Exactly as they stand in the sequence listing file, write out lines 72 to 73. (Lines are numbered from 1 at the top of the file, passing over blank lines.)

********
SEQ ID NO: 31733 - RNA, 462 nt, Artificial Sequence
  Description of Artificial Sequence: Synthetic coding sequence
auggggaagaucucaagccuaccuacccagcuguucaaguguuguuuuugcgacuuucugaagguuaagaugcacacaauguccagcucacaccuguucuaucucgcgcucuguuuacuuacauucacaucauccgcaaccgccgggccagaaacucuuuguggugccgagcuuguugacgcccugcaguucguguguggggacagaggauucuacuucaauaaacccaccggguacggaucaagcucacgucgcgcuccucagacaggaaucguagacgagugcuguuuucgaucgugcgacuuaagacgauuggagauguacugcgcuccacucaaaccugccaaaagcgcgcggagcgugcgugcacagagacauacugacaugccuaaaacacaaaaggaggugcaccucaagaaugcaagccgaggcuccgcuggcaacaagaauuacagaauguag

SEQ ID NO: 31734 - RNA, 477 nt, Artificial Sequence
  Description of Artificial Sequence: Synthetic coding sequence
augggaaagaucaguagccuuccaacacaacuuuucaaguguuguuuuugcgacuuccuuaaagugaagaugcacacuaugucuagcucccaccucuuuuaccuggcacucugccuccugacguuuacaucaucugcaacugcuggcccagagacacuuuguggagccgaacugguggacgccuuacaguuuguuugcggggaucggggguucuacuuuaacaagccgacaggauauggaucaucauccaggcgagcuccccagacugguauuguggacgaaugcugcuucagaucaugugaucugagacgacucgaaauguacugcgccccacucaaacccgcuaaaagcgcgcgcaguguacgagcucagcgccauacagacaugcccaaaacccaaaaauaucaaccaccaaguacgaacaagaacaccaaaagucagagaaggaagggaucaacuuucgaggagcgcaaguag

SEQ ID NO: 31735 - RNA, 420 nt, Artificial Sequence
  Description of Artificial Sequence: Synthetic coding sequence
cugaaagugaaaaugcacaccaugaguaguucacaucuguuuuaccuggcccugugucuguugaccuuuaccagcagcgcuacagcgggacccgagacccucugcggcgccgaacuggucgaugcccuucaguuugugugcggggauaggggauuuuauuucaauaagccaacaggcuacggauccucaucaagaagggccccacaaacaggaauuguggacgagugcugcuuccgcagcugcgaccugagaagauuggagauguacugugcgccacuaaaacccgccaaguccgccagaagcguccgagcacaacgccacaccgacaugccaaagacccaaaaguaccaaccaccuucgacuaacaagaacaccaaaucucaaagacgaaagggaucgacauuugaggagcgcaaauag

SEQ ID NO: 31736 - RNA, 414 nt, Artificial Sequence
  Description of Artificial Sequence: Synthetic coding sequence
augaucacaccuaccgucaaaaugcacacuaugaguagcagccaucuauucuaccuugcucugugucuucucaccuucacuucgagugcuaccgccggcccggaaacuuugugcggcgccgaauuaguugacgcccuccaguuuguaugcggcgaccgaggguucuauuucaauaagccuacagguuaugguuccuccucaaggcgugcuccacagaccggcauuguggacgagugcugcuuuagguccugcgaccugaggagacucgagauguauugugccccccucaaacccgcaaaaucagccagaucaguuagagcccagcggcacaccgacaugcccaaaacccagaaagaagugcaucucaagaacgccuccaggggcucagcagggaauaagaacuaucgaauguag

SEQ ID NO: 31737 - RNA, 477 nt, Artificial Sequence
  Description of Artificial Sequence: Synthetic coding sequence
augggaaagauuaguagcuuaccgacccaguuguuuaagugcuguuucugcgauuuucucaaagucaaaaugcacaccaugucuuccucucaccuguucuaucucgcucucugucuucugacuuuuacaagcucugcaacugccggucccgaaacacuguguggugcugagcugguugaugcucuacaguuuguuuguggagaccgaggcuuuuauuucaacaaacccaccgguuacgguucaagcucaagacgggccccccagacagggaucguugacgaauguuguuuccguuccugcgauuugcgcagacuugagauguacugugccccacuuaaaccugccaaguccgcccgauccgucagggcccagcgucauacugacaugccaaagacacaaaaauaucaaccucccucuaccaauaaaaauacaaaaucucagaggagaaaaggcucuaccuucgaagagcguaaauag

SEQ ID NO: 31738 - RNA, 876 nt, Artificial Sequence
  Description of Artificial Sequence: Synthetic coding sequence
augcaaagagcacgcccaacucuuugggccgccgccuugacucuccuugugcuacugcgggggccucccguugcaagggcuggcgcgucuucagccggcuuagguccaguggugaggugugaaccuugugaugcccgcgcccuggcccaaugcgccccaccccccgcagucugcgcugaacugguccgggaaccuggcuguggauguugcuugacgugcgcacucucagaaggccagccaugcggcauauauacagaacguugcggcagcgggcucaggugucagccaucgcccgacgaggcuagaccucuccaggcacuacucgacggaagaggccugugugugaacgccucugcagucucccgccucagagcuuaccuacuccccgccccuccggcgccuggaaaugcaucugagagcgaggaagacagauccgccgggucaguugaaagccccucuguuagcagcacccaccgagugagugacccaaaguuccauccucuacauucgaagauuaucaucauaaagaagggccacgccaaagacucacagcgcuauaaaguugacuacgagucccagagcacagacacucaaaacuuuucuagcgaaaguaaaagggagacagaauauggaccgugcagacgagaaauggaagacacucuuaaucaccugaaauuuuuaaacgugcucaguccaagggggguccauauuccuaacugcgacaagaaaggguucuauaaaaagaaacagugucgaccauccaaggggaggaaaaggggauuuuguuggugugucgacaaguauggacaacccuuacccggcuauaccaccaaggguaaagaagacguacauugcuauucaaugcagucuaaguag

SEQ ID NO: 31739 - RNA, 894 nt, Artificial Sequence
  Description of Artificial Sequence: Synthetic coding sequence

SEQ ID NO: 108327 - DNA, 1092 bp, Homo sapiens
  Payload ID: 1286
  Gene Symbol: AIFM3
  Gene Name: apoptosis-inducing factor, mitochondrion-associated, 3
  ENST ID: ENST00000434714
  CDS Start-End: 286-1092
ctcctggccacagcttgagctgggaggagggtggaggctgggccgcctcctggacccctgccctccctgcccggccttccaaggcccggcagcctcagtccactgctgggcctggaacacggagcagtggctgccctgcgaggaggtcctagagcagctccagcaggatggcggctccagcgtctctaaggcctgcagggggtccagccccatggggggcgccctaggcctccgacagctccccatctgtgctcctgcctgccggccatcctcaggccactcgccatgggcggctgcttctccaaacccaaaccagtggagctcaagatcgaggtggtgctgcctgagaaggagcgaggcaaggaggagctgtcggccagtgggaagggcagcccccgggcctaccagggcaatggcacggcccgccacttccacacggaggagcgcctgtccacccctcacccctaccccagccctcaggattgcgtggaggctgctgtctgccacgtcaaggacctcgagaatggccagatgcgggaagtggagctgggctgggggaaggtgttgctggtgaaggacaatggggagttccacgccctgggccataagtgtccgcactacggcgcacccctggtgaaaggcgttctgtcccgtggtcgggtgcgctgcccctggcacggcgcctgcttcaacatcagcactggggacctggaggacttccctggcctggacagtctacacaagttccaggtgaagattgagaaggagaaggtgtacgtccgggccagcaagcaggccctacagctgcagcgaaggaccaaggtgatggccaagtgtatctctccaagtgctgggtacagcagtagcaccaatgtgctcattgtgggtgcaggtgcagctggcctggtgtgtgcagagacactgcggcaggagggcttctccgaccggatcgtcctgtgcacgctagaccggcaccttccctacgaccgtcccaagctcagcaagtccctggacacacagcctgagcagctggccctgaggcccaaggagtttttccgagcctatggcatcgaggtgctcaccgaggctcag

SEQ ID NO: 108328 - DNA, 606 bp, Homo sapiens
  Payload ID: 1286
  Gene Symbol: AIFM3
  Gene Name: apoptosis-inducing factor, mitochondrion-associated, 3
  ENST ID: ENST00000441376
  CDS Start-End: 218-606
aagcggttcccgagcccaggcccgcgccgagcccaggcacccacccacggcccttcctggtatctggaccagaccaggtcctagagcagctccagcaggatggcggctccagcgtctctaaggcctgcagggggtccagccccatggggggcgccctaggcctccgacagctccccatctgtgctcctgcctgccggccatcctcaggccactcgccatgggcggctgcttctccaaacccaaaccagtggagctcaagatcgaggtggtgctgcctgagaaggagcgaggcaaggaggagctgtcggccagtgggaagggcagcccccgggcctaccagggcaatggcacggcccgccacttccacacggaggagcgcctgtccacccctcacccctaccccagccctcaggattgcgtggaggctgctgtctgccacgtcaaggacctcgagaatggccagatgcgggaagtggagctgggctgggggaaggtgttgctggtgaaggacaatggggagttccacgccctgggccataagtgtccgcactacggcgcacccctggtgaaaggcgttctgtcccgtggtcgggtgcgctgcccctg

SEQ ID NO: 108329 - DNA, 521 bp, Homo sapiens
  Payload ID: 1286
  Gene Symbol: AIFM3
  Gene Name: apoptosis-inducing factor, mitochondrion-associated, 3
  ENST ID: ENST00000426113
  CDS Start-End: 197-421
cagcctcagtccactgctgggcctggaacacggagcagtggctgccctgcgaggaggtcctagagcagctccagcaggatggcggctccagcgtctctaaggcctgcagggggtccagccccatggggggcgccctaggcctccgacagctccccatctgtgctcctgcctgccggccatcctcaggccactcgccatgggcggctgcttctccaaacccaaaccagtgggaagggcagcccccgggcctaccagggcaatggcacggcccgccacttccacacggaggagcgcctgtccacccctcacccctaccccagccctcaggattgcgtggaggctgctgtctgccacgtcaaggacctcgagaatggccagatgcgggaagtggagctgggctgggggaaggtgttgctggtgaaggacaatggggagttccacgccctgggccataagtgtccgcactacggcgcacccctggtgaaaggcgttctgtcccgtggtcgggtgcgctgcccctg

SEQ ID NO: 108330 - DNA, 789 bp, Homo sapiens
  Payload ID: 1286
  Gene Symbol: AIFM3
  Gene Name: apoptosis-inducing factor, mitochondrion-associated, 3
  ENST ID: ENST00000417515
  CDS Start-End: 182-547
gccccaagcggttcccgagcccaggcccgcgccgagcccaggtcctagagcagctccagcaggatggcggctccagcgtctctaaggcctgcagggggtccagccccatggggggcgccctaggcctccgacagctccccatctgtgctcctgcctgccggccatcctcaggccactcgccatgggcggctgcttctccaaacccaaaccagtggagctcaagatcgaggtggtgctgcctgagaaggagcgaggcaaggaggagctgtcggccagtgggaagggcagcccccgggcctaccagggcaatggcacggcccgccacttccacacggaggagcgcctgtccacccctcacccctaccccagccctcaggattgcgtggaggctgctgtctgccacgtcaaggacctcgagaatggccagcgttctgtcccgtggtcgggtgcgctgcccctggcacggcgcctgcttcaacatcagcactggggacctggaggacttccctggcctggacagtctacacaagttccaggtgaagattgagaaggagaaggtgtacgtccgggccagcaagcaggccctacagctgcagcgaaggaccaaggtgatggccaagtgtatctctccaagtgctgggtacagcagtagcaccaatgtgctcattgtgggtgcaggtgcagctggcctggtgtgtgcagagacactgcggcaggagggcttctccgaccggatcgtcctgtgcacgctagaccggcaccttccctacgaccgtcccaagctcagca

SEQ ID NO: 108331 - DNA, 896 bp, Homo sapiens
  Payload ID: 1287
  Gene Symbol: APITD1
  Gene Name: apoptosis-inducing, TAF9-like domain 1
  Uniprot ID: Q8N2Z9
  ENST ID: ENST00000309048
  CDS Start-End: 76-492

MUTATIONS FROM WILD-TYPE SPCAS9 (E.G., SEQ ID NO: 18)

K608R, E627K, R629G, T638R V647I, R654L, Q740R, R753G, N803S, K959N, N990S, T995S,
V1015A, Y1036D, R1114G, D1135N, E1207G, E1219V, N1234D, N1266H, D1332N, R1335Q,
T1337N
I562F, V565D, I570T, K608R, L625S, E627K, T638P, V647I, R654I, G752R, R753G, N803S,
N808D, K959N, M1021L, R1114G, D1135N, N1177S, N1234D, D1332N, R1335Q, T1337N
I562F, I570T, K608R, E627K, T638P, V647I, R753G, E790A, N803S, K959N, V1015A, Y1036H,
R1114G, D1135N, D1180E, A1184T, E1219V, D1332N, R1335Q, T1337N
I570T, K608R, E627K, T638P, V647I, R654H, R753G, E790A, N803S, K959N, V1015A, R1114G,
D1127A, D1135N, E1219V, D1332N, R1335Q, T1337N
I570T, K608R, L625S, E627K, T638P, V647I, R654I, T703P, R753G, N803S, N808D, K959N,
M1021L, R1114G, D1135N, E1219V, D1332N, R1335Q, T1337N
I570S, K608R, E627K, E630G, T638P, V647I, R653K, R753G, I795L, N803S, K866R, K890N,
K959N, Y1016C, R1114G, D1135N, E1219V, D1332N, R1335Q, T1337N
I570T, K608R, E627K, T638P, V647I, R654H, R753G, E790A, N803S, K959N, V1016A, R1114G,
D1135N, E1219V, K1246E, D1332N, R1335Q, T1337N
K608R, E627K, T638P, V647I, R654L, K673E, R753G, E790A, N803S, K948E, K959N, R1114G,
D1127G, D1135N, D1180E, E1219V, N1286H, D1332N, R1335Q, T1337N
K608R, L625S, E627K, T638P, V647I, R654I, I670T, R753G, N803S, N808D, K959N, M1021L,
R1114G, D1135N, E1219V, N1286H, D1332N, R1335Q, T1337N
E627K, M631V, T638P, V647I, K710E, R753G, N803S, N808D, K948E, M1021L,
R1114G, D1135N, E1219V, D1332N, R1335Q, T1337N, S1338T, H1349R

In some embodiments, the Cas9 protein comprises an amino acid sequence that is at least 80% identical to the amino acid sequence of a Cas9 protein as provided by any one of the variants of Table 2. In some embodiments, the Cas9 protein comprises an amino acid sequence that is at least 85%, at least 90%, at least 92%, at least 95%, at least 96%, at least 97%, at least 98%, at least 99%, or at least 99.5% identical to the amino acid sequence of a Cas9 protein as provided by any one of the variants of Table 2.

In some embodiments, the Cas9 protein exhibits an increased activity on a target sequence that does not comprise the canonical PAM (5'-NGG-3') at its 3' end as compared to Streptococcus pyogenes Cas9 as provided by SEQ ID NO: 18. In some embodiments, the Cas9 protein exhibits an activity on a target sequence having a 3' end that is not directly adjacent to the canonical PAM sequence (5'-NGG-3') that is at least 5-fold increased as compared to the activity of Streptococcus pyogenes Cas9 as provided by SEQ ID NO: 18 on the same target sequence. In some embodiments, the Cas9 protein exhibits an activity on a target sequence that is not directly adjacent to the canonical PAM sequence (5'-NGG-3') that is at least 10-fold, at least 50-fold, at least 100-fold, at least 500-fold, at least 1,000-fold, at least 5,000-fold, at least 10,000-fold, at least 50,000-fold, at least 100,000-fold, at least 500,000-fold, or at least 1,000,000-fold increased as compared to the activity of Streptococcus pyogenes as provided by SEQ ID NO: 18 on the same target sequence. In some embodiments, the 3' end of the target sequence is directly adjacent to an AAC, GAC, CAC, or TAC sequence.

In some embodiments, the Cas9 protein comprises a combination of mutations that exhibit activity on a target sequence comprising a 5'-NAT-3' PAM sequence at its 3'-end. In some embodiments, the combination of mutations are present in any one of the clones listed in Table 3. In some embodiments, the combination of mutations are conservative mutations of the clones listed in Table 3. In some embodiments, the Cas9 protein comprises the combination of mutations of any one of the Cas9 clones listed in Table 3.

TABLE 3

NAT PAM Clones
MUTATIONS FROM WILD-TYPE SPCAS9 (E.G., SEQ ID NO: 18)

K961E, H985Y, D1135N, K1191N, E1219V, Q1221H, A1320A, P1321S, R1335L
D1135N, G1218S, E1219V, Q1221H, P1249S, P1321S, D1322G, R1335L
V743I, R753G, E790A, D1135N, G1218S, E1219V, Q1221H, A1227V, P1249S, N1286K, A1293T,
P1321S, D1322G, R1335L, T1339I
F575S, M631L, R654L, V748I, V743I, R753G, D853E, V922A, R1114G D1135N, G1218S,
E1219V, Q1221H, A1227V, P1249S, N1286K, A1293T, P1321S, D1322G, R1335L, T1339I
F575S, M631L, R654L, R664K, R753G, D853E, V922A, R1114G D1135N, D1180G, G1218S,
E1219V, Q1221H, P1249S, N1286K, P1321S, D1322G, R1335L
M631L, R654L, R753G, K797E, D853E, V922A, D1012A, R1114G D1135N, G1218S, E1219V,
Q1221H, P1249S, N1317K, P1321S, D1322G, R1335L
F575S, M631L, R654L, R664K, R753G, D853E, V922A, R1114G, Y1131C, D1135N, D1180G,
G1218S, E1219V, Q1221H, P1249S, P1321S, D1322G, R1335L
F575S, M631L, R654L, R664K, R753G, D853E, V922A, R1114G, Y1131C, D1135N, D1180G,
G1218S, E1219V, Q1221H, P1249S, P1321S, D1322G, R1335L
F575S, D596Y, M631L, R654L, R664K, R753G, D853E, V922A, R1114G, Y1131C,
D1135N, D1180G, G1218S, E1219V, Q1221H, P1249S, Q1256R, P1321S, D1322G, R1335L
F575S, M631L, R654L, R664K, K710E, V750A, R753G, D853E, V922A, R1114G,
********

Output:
K608R, E627K, T638P, V647I, R654L, K673E, R753G, E790A, N803S, K948E, K959N, R1114G,
D1127G, D1135N, D1180E, E1219V, N1286H, D1332N, R1335Q, T1337N